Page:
PS. Checked the cost of owning a car recently? Steph and I hire a car for the day or the weekend if required. $50 and fuel for the day. What could be cheaper than that. No Rego, no WOF, no tyre replacement, no repair bills,(can't believe I said that last one!:eek:o_O I am an ex mechanic, after all!) we had a BMW 320i which sat under the carport for almost two years which was only ever started to keep the battery up. I came home from work one day and it was gone. Seems Steph got sick of looking at it through the kitchen window so rang up the scrap man. When he saw it he bought it alright, but not for scrap. His daughter in Auckland now owns a pearl white BMW 320i ex South African imported, electric everything, ( loved that sun roof) which still had the original spare tyre, made in South Africa stamped on it, in the boot. We only ever bought it to take the dog to the beach but three months later the dog died. But that's another story,............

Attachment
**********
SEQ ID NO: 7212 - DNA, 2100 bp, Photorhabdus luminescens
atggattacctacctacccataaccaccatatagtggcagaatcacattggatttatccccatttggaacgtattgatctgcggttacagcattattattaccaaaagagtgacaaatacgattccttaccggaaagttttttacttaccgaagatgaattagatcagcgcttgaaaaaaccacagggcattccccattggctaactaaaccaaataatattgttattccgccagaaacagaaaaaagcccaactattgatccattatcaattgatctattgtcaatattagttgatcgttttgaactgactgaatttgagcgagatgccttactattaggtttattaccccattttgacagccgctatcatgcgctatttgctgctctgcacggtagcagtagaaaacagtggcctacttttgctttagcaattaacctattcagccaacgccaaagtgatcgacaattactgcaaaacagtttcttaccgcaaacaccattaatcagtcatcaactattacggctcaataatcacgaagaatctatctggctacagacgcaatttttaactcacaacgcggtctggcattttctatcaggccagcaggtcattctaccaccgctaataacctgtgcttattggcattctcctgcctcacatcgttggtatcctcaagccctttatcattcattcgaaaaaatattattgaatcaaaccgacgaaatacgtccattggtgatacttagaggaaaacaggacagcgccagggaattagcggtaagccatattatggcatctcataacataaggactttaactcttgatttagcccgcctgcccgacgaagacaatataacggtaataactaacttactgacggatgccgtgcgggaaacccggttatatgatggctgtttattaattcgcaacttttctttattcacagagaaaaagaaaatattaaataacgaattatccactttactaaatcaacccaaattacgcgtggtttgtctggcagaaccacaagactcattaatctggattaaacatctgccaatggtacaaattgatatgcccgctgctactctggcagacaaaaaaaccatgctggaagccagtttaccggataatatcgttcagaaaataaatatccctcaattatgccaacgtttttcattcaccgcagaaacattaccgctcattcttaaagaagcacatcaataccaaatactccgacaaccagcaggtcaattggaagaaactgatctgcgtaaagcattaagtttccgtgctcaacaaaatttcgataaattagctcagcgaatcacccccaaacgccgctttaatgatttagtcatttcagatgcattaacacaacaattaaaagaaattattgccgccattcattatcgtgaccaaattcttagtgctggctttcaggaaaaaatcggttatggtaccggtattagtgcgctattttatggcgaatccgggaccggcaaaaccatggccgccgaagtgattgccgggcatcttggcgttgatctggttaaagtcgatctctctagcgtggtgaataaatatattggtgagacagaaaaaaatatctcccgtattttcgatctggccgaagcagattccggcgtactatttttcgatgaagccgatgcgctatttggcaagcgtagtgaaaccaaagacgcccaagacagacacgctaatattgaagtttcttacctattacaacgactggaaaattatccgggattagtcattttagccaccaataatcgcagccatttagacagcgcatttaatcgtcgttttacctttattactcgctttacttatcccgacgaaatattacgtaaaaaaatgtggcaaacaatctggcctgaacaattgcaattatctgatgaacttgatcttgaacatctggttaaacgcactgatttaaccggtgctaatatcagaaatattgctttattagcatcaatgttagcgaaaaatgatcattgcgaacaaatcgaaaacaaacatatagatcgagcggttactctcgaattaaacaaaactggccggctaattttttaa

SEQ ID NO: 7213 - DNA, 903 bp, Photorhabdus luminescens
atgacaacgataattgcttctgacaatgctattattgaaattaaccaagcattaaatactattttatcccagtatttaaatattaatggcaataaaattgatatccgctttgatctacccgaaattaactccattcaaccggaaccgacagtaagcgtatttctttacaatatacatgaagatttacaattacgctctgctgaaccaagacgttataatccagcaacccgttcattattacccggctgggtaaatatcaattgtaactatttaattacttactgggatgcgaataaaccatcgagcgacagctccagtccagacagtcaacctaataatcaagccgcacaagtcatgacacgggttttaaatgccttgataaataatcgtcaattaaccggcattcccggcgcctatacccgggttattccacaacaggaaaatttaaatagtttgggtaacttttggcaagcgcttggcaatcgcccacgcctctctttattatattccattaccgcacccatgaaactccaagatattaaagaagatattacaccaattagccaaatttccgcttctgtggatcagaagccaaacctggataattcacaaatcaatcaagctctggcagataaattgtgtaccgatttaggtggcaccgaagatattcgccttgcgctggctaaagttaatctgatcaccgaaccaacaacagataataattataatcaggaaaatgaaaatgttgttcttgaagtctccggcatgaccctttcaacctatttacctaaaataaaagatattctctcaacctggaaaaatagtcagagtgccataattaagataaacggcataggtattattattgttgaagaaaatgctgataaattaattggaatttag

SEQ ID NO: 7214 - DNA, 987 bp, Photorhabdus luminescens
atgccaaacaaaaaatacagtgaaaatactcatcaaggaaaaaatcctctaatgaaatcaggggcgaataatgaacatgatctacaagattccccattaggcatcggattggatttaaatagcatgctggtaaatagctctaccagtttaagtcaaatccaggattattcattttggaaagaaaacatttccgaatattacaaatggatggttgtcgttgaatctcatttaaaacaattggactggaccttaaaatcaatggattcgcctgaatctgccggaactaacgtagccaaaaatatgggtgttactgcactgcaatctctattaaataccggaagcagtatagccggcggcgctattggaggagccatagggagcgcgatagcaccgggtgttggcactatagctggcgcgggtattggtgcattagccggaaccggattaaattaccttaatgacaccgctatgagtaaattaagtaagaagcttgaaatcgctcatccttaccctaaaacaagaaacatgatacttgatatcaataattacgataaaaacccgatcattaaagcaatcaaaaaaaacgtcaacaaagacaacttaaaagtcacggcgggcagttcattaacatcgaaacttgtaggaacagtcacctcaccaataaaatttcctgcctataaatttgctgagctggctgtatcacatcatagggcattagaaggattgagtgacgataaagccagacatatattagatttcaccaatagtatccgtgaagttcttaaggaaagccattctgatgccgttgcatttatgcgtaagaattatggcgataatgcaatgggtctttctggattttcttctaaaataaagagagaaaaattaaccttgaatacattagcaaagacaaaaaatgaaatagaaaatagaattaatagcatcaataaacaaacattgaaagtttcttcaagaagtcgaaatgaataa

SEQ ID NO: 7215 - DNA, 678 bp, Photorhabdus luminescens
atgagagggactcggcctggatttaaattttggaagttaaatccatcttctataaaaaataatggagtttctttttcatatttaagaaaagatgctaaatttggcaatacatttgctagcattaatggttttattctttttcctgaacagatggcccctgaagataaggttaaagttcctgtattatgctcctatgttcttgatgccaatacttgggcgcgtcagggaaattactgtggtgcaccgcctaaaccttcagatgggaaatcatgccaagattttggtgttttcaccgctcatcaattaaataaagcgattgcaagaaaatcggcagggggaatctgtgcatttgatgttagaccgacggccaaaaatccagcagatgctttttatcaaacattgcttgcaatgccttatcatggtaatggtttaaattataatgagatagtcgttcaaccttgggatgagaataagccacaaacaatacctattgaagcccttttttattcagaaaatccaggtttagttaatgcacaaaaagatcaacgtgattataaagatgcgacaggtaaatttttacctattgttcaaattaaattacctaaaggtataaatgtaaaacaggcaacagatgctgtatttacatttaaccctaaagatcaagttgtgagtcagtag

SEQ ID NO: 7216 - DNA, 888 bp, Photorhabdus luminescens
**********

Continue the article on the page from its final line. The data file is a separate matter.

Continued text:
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  12. Drydock

    Drydock Well-Known Member

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    I regularly tour on mine, another half gallon or so would be damn nice. 4000 rpm on a short stroke motor with an 8500 redline is quite a relaxed rpm (not a HD or a 111 remember) as the piston speed is still quite low, so no problem there. A good seat and bars makes a great deal of difference as well. For a Solo rider it's a fine tour mount, with the advantage of being a hoot on a tight stretch of blacktop.

    And the tank is NOT doublewalled. Don't know where that came from.
     
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  13. se7en10

    se7en10 Well-Known Member

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    So true, that's why I carry gas can with me on long trip. Road and weather condition will affect mileage to reach your next destination.

    I'd loved to do your tank mod but my tank has a custom airbrush paint already. :(